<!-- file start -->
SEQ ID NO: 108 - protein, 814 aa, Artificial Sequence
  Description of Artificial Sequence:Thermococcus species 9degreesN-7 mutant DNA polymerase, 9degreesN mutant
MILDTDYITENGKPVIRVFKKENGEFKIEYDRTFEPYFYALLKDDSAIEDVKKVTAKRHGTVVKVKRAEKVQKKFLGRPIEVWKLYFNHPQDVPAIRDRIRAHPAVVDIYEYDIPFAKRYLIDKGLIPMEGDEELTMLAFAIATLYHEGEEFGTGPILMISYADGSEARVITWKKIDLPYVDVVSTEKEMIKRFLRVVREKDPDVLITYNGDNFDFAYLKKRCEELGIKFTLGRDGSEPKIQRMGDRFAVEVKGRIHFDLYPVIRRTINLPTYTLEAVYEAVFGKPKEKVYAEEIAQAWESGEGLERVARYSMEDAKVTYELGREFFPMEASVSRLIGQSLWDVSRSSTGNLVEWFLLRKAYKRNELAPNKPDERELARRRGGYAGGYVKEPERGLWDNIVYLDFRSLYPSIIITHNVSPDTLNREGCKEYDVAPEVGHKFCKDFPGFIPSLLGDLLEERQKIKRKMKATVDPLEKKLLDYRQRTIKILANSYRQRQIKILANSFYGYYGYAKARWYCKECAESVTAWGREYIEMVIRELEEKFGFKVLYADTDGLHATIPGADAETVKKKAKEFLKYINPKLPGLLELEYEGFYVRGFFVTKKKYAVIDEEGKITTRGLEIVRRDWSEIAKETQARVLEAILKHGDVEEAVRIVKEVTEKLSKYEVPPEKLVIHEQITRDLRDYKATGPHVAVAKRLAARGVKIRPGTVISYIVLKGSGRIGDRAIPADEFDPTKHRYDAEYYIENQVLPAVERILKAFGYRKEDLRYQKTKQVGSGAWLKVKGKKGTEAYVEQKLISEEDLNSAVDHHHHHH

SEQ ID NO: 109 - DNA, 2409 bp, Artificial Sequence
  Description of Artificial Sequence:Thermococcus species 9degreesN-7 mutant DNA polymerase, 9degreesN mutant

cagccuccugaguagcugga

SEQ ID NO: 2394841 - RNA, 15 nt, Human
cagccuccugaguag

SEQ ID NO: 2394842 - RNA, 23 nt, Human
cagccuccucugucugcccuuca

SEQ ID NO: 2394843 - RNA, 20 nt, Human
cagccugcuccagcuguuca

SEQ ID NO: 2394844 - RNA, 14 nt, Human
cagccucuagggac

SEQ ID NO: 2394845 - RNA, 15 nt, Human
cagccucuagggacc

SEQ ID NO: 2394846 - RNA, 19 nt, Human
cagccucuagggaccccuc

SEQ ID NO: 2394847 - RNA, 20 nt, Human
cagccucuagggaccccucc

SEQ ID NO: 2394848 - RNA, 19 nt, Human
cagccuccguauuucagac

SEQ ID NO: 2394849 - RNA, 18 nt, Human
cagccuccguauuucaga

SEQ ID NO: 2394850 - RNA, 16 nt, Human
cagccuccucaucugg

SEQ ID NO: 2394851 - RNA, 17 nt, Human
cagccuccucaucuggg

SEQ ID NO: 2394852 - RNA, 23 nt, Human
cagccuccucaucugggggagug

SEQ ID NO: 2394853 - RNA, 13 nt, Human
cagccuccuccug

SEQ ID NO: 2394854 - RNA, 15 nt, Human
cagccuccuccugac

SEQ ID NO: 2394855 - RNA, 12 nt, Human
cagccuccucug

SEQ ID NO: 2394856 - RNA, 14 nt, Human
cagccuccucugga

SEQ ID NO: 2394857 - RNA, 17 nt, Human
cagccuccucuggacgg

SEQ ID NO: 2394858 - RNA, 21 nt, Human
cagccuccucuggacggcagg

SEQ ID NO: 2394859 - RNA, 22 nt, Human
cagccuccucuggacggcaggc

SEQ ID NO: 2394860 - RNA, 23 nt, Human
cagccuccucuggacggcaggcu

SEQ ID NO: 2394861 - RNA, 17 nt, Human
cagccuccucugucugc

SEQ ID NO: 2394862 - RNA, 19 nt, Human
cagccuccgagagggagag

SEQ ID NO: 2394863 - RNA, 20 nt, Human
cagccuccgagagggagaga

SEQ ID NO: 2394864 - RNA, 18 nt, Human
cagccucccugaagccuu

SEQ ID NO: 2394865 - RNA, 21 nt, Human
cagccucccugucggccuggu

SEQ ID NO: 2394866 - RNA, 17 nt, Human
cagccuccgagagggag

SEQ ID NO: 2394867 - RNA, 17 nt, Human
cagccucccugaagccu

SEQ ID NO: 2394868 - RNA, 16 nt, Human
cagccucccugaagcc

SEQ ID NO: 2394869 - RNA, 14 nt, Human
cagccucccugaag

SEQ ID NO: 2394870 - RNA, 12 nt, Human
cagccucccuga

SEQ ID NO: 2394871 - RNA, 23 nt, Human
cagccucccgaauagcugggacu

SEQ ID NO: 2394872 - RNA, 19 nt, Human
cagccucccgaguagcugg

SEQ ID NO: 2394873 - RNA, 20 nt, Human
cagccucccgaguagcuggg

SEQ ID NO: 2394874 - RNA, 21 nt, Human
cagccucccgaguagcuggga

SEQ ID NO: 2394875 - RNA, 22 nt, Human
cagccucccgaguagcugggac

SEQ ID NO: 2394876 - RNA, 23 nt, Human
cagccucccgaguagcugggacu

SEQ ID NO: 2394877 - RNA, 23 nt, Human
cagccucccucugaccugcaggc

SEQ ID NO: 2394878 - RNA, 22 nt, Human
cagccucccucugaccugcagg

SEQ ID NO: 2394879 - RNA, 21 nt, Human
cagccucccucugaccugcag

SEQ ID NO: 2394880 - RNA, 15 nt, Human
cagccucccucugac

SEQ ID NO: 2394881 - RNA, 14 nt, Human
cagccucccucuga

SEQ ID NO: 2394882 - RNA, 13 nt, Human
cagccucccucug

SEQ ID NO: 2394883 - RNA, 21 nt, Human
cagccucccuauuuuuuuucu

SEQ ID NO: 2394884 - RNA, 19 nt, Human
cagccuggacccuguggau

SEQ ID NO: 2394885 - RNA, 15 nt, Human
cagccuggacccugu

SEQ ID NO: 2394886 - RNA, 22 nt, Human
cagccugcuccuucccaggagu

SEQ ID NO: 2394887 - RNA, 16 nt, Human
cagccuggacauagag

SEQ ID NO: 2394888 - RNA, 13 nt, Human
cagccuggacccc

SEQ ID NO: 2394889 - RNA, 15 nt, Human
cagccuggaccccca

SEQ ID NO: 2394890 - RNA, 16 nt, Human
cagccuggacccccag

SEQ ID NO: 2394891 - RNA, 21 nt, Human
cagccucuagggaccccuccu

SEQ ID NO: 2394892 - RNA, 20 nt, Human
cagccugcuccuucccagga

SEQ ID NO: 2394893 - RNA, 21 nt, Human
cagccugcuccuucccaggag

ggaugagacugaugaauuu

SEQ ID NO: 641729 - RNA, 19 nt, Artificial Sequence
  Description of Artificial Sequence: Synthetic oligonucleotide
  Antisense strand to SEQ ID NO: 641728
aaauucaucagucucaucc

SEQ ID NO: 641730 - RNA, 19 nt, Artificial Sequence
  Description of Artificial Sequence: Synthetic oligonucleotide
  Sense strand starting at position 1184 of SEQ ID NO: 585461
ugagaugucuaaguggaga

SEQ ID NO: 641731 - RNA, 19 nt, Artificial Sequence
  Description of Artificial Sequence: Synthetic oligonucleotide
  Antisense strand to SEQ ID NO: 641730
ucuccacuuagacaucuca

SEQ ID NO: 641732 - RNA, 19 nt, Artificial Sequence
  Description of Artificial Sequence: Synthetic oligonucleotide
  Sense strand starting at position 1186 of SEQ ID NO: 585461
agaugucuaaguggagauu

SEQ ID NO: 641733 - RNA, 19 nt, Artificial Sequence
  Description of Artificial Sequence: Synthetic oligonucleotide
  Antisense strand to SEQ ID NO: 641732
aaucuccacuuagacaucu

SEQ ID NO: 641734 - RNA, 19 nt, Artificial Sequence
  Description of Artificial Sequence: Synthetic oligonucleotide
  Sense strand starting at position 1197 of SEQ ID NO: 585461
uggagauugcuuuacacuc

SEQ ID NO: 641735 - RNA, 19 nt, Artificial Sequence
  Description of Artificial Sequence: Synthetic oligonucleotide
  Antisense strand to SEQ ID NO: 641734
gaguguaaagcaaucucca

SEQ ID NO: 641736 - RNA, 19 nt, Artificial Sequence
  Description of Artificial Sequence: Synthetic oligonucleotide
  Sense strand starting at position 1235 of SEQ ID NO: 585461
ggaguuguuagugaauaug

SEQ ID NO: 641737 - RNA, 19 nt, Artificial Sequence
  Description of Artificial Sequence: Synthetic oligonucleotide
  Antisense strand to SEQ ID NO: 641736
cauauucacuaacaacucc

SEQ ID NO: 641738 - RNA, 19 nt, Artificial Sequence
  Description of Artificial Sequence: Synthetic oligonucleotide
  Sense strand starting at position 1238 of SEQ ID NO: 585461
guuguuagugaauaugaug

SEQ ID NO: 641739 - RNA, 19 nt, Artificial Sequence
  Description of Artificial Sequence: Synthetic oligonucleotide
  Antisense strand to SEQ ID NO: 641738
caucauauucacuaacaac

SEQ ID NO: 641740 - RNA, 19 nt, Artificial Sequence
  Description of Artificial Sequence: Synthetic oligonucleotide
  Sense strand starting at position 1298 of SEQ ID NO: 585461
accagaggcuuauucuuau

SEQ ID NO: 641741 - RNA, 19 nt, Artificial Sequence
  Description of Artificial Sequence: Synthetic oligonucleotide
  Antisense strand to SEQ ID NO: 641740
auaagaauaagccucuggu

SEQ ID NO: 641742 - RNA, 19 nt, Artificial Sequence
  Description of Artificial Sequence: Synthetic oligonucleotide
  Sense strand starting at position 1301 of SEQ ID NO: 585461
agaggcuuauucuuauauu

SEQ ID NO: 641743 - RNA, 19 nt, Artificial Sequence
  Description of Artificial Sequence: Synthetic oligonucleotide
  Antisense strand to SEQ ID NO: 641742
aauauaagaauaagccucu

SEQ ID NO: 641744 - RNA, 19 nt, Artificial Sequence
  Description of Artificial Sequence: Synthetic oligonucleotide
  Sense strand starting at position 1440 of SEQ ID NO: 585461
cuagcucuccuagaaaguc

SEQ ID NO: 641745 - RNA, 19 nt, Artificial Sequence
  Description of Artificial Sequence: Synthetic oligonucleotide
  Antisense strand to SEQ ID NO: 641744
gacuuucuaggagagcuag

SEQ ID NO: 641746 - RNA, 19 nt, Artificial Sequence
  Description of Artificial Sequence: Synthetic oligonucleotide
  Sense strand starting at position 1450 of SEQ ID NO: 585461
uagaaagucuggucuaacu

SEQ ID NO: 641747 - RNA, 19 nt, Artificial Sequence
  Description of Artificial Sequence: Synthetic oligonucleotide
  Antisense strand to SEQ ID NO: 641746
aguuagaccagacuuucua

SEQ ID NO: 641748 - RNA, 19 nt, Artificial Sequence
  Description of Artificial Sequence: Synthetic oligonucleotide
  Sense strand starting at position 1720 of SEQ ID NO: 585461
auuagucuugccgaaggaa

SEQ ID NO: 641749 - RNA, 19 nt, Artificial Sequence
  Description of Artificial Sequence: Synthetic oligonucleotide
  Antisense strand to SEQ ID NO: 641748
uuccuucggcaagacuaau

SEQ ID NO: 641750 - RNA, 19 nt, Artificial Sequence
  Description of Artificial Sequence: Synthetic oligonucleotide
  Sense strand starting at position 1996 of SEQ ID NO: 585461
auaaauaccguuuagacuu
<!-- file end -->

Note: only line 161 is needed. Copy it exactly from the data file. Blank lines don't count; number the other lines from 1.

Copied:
accagaggcuuauucuuau